Role players sure do find a way to make an impact when the NBA Playoffs come calling. Last season alone, a bench player for the Golden State Warriors earned the Finals MVP.
That said, postseason contests around the Association are primarily about star players. Who can take over a game in a heartbeat? Who steps up the most when his team needs it? Who will pull the next Michael Jordan?
These are questions that are asked every year. And like clockwork, they are answered every June.
Here are the 10 most dangerous players heading into the playoffs. You will see a combination of former champions and MVP’s as well as a couple role players with significant impacts on how their respective teams perform.
From reigning NBA MVP Stephen Curry to Paul George in Indiana, here’s a look at those who will dominate the landscape of the NBA Playoffs.
1. Stephen Curry, guard, Golden State Warriors
When Curry has it going, there’s not a player in NBA history that can keep up with him from a pure scoring standpoint. He’s connected on nine-plus three-pointers six times this season. When he goes all unconscious, the Warriors are simply unbeatable.
Let’s Look at Sunday’s win against the Portland Trail Blazers as an example here. Aided a great deal by Curry’s stealth-like shooting, Golden State put up a season-high 136 points. It shot 57 percent from the field, 60 percent from three-point range and 82 percent from the free-throw line.
No team is going to beat the defending champs when they put up that type of display on offense.
This is where Curry comes into play. Including Sunday’s 39-point outing, the Warriors boast a 51-4 record over the past two seasons when Curry puts up 30-plus points. He’s averaging over 30 points per game this season. You can do the math from there.
2. LeBron James, forward, Cleveland Cavaliers
If James plays up to the level we have seen in the postseason over the past several years, he will be making an unprecedented sixth consecutive trip to the NBA Finals. We can talk about James’ supporting cast all we want.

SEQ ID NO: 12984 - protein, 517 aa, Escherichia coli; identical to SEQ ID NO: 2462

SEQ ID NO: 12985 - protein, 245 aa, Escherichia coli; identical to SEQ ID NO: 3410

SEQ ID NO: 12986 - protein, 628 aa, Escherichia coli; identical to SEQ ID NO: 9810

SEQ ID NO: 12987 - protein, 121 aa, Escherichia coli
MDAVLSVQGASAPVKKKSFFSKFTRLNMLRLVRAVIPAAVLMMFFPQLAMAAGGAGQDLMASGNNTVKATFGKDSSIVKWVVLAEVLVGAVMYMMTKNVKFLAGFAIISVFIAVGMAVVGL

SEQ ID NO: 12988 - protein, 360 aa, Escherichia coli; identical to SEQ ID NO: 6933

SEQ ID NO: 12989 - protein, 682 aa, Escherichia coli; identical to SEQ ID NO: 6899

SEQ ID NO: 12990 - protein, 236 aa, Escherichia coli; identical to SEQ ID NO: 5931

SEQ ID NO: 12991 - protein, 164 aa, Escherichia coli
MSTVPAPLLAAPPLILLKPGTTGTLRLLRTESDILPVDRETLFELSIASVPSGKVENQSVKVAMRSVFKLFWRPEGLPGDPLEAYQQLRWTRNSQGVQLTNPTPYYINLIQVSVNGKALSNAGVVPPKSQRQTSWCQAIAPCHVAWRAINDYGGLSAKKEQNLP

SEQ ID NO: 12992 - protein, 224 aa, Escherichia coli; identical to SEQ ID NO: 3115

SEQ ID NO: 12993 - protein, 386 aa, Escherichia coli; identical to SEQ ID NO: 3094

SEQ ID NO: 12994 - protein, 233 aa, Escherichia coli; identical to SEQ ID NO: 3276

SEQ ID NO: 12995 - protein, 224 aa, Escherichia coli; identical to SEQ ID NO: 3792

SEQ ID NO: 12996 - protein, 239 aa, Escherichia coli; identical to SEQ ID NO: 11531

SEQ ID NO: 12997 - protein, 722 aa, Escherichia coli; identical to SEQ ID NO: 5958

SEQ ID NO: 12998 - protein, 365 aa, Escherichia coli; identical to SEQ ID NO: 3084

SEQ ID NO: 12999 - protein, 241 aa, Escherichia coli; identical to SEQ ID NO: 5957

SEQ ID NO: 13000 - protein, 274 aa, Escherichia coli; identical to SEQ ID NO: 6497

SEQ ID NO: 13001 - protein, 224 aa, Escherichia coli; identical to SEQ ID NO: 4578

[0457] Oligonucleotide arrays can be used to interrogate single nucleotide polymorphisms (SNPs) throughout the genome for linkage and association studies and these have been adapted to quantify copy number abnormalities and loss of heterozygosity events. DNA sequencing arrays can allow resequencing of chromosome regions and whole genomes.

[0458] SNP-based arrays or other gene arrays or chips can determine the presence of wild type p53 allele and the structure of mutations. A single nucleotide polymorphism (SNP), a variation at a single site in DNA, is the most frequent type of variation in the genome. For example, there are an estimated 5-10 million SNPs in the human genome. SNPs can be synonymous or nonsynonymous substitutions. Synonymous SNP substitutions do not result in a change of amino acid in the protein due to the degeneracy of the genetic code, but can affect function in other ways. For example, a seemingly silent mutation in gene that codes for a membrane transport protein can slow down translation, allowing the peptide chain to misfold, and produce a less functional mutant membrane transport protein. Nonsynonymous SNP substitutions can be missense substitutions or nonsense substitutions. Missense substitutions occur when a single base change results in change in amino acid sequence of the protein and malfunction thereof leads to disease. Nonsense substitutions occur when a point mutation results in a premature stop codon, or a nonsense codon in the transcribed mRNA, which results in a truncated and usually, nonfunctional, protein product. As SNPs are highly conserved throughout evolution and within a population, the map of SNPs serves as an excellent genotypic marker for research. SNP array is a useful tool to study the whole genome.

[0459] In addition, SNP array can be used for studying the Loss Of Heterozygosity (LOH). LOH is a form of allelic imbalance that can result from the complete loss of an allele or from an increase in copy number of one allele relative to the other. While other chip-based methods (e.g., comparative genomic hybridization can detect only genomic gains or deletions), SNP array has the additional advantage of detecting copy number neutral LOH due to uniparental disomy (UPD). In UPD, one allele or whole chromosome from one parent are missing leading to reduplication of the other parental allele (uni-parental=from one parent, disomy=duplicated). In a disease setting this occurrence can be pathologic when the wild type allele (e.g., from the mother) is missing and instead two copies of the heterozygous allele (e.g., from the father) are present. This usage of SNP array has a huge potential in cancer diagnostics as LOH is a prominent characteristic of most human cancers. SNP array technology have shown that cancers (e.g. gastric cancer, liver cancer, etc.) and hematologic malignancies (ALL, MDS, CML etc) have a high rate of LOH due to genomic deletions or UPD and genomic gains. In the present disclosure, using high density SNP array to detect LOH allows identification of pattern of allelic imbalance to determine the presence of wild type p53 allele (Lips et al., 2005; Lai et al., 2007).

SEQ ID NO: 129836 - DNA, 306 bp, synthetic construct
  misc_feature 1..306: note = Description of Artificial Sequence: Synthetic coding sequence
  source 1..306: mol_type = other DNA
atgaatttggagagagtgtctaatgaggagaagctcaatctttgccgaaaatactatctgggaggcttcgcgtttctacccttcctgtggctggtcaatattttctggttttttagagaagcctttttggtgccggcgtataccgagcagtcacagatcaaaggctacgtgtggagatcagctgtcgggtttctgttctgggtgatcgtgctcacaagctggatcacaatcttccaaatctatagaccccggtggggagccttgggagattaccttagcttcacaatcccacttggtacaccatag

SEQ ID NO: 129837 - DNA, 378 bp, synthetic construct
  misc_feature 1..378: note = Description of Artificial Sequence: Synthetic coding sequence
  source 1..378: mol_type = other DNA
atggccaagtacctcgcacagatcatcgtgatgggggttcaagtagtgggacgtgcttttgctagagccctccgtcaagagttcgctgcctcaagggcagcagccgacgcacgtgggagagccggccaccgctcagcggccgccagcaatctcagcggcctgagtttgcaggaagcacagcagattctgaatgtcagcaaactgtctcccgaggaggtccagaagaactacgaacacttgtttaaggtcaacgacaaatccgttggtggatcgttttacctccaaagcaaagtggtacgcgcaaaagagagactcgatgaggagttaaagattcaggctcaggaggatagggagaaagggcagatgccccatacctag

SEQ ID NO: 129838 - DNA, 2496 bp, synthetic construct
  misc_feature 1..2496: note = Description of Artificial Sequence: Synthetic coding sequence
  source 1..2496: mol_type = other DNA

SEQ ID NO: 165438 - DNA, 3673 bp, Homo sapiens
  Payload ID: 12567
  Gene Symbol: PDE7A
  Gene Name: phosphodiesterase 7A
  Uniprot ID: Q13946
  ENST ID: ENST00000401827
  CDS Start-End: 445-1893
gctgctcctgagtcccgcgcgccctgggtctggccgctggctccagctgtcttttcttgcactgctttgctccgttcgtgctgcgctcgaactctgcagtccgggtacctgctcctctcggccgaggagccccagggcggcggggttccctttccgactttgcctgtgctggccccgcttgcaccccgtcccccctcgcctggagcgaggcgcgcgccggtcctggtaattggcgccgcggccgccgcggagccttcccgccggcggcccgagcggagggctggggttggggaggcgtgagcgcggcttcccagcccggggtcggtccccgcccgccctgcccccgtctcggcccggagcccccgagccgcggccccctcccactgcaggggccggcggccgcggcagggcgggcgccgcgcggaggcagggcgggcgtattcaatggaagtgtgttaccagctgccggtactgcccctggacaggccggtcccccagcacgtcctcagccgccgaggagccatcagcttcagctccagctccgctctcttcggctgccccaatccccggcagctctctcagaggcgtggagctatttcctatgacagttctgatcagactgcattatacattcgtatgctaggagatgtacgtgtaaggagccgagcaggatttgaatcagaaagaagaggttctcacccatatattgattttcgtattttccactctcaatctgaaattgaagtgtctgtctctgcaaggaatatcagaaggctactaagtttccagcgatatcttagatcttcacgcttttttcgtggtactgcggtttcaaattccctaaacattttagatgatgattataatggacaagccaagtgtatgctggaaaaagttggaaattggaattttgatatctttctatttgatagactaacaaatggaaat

However, it’s all going to be on James’ shoulders much like it was during last year’s run to the NBA Finals. Sure Kyrie Irving and Kevin Love are healthy. Sure the team has a deeper bench. Again, that’s fine and dandy.
As we have seen throughout his near two seasons in Cleveland, James is the sole x-factor here.
Cleveland boasts a 4-13 record when James doesn’t suit up since the start of last year. It’s 104-38 when he actually plays during that very same span. That’s what you call MVP caliber right there.
3. Russell Westbrook, guard, Oklahoma City Thunder
When Westbrook provides the Thunder with a triple-double, they have been unbeatable (literally). They boast a 17-0 record in said games this season.
While this could pretty much be said for any team when a player puts up such ridiculous numbers, it’s important to know just how prevalent triple-doubles have been for Westbrook this season. After all, he’s accomplished that feat in 21 percent of his games this season.
It’s also a mighty fine improvement from a team-wide standpoint. Dealing with a plethora of injuries last season, the Thunder were barely over .500 in the games that saw Westbrook net a triple-double.
4. Kawhi Leonard, forward, San Antonio Spurs
There’s an argument that can be made here. The argument would consist of Leonard being the best two-way player in the Association. Coming off a game-winning shot against the Utah Jazz on Tuesday, Leonard is averaging 22.3 points while shooting 54 percent from the field over the past 10 games.
We already know the type of skill and energy Leonard brings on the defensive end. If he can continue to pack a consistent scoring punch, it’s going to be hard for any team in the NBA to overcome everything else the Spurs bring to the table.
This not only makes San Antonio one of the most dangerous teams heading into the postseason. It makes Leonard one of the most dangerous overall players.
5. Klay Thompson, guard, Golden State Warriors
Not your ordinary No. 2 scoring option, this sharpshooter can keep the Warriors in a game by his lonesome. Golden State boasts a 17-0 record when Thompson puts up 30-plus points this season.
This could be key if Curry isn’t hitting his shot in a specific playoff game moving forward. Thompson has also made sure to know when to step his game up. That’s been key to the Warriors’ success over the past two seasons.